|Samsung CM871 (128GB)||0.51||0.13||4375||7724||0.096||0.129|
|Intel SSD Pro 5450s / SSDSCKKF128G8 (SATA III)||0.55||0.15||7872||17239||0.088||0.061|
CrystalDiskMark – Max.Seq.Read/Write; AS SSD – IOPS 4K Read/Write, Latency Read/Write
The MSI GP63 Leopard 8RD features the latest 8th gen Intel processors. It can be configured with either the Core i5-8300H or the Core i7-8750H. Our model boasts the latter.
Results are from the Cinebench 15 CPU test (the higher the score, the better)
Results are from the Fritz chess benchmark (the higher the score, the better)
Results are from our Photoshop benchmark test (the lower the score, the better)
The GPU inside the GP63 Leopard 8RD is the NVIDIA GeForce GTX 1050 Ti (4GB GDDR5).
Results are from the 3DMark: Fire Strike (Graphics) benchmark (higher the score, the better)
Results are from the Unigine Heaven 3.0 benchmark (higher the score, the better)
Results are from the Unigine Heaven 4.0 benchmark (higher the score, the better)
Results are from the Unigine Superposition benchmark (higher the score, the better)
The GTX 1050 Ti inside the MSI GP63 Leopard 8RD handles games just as expected.
|Grand Theft Auto V (GTA 5)||Full HD, Normal (Check settings)||Full HD, High (Check settings)||Full HD, Very High (Check settings)|
|Average FPS||128 fps||76 fps||40 fps|
|Far Cry Primal||Full HD, Normal (Check settings)||Full HD, High (Check settings)||Full HD, Very High (Check settings)|
|Average FPS||60 fps||54 fps||44 fps|
|Far Cry 5||Full HD, Normal (Check settings)||Full HD, High (Check settings)||Full HD, Ultra (Check settings)|
|Average FPS||48 fps||45 fps||41 fps|
|Rise of the Tomb Raider (2016)||Full HD, Lowest (Check settings)||Full HD, Medium (Check settings)||Full HD, Very High (Check settings)|
|Average FPS||95 fps||65 fps||31 fps|
|Tom Clancy’s Ghost Recon Wildlands||Full HD, Medium (Check settings)||Full HD, High (Check settings)||Full HD, Very High (Check settings)|
|Average FPS||47 fps||43 fps||31 fps|
Temperatures and comfort
We have a new way of torturing laptops, and for gaming machines, it comprises of 100% CPU load plus real gameplay test (Rise of the Tomb Raider).
Max CPU load
In this test we use 100% on the CPU cores, monitoring their frequencies and chip temperature. The first column shows a computer’s reaction to a short load (2-10 seconds), the second column simulates a serious task (between 15 and 30 seconds), and the third column is a good indicator of how good the laptop is for long loads such as video rendering.
Average core temperature (base frequency + X); CPU temp.
|Core i7-8750H (45W TDP)||0:02 – 0:10 sec||0:15 – 0:30 sec||10:00 – 15:00 min|
|MSI GP63 Leopard 8RD||2.30 GHz (B+5%)@ 53°C||2.42 GHz (B+10%)@ 62°C||2.46 GHz (B+12%)@ 76°C|
|Dell XPS 15 9570||3.16 GHz (B+44%)@ 89°C||3.07 GHz (B+39%)@ 97°C||2.62 GHz (B+19%)@ 87°C|
|Dell G3 15 3579||2.88 GHz (B+31%)@ 86°C||2.81 GHz (B+28%)@ 87°C||2.53 GHz (B+15%)@ 76°C|
The results of our CPU stress test are actually impressive. The CPU couldn’t reach high frequencies, in fact, it was just a bit over the base clock even in the first 10 seconds but the temperatures inside were impressively low. A temperature of 53°C is one of the lowest we have recorded and even after 15 minutes of 100% load it rose to just 76°C. It seems that the few copper pipes inside do a good job.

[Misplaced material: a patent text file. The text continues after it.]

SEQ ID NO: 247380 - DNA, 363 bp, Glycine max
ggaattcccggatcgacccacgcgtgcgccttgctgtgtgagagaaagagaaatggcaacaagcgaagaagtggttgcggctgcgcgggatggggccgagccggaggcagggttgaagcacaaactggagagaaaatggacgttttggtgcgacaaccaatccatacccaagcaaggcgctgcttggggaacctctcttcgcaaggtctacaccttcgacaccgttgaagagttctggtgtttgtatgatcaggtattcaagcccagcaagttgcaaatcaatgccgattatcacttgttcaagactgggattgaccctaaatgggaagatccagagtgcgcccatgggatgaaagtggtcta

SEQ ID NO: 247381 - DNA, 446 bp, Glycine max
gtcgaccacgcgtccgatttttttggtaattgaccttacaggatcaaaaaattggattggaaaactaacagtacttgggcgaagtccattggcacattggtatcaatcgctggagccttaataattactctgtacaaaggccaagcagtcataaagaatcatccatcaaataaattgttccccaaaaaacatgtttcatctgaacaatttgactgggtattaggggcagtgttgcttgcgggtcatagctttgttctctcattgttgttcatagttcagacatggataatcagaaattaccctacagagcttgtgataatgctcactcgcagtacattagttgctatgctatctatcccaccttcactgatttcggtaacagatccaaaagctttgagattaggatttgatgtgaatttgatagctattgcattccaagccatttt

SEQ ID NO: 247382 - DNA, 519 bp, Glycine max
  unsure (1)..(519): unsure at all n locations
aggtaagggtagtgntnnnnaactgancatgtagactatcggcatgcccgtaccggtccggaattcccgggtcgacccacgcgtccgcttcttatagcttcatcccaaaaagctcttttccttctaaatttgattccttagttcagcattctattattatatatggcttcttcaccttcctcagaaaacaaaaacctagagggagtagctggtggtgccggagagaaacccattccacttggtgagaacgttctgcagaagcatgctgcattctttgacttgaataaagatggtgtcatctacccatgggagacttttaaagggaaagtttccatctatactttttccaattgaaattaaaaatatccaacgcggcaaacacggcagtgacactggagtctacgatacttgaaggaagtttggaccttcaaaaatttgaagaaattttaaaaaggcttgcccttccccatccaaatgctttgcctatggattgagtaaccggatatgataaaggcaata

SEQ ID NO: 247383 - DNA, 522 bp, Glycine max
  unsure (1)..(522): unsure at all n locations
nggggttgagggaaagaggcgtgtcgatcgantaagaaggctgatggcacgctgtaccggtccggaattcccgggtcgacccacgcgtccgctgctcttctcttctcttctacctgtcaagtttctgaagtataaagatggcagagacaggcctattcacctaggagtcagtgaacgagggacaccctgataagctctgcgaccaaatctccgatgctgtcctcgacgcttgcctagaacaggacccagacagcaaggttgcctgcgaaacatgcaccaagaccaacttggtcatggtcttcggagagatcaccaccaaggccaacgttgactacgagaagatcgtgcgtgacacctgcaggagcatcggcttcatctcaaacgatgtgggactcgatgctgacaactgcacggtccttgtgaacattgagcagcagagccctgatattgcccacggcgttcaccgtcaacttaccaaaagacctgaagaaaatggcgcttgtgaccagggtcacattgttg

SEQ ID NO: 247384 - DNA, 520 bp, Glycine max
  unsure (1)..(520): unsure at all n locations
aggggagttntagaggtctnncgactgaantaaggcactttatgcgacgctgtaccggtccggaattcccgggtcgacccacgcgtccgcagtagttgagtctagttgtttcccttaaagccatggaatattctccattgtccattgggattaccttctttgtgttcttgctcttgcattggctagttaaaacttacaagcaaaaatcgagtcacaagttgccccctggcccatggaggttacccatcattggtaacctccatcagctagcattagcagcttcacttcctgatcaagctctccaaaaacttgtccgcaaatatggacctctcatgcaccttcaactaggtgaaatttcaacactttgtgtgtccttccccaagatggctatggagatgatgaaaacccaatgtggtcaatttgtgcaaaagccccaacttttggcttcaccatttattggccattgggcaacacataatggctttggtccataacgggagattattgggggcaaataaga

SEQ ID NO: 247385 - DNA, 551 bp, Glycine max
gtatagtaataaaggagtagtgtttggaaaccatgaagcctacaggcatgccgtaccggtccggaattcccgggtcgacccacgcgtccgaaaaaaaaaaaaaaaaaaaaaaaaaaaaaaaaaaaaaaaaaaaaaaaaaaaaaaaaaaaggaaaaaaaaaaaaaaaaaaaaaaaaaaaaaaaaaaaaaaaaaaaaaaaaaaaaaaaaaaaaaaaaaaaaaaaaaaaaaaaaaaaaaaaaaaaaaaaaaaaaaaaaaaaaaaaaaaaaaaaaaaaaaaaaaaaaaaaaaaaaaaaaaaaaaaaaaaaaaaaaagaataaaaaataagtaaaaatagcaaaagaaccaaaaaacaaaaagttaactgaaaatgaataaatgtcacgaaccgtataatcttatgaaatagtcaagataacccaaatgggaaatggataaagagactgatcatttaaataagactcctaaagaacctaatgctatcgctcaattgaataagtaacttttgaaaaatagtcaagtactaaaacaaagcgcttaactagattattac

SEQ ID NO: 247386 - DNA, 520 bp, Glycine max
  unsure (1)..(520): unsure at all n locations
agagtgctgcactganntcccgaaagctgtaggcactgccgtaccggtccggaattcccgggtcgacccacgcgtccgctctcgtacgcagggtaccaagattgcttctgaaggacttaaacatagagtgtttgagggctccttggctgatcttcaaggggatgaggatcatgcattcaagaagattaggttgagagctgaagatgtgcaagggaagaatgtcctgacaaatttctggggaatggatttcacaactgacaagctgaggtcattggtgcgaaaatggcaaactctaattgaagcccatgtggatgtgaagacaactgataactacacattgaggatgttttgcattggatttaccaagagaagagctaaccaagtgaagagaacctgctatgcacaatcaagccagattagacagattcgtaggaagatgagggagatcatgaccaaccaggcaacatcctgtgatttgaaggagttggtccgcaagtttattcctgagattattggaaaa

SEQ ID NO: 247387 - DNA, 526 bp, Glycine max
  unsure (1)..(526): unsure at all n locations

The Dell XPS 15 9570 could reach very high clock speeds above 3.00 GHz but at a much higher temperature. Lower temperatures are always preferable and as we saw in the benchmarks, the MSI GP63 Leopard 8RD scores just about right for its hardware.
|NVIDIA GeForce GTX 1050 Ti||GPU frequency/ Core temp (after 2 min)||GPU frequency/ Core temp (after 30 min)|
|MSI GP63 Leopard 8RD||1696 MHz @ 67°C||1696 MHz @ 66°C|
After the 30-minute gaming stress test, the results are similar to the CPU stress test. We see low temperatures during the whole period but this time the clock is also high. In fact, it’s higher than the original boost clock of the GTX 1050 Ti.
When inside temperatures are low, outside temperatures can’t be high. The hottest areas of the MSI GP63 Leopard 8RD reach around 45-50°C after 30 minutes of continuous gaming. The palm rest area and WASD keys are way cooler.
When it comes to performance, the MSI GP63 Leopard 8RD is excellent without any issues. However, we are left with mixed feelings after spending some time with the notebook.
To start our summary with something positive, the GP63 Leopard 8RD has shown us one quite impressive cooling system. Such low internal and external temperatures are unspeakable for many other notebooks. The keyboard is another thing we are really happy about. The SteelSeries branded keyboard is a pleasure to type on and the customizable RGB colors are beautiful.
Another rare thing is the extremely broad color range that covers 100% of the sRGB gamut and 95% of DCI-P3. This could have potentially made the notebook suitable for color accurate work but the uncomfortable viewing angles, cold tint, and high dE values of the TN panel rule it out. Our custom-tailored profiles can fix some of these issues. Nonetheless, the screen is good for gamers with its fast response time and it doesn’t use PWM above 55 nits. However, our recommendation is to choose an IPS panel.
We aren’t particularly pleased with the battery life. It’s fairly common for gaming notebooks to manage to squeeze about 4-5 hours at most but we’ve seen better performance more than once. The build quality of the MSI GP63 Leopard 8RD is not the best either. We are glad that the lid and palm rest is aluminum because it adds sturdiness to the construction but the bottom piece is made of cheap plastic that doesn’t feel right.
Overall, the MSI GP63 Leopard 8RD is not a bad notebook. It offers some premium features and good performance but it’s not for everybody. You have to choose wisely what you want to compromise. A good alternative may be the Dell G3 15 3579.
You can check the prices and configurations in our Specs System: https://laptopmedia.com/series/msi-gp63-leopard-8rd/
- Very good cooling system
- Great keyboard
- Broad color range – 100% sRGB, 95% DCI-P3 in CIE1976 (N156HGA-EAL)
- High dE values (N156HGA-EAL, fixed by our profiles)
- Subpar battery life
- Not the best build quality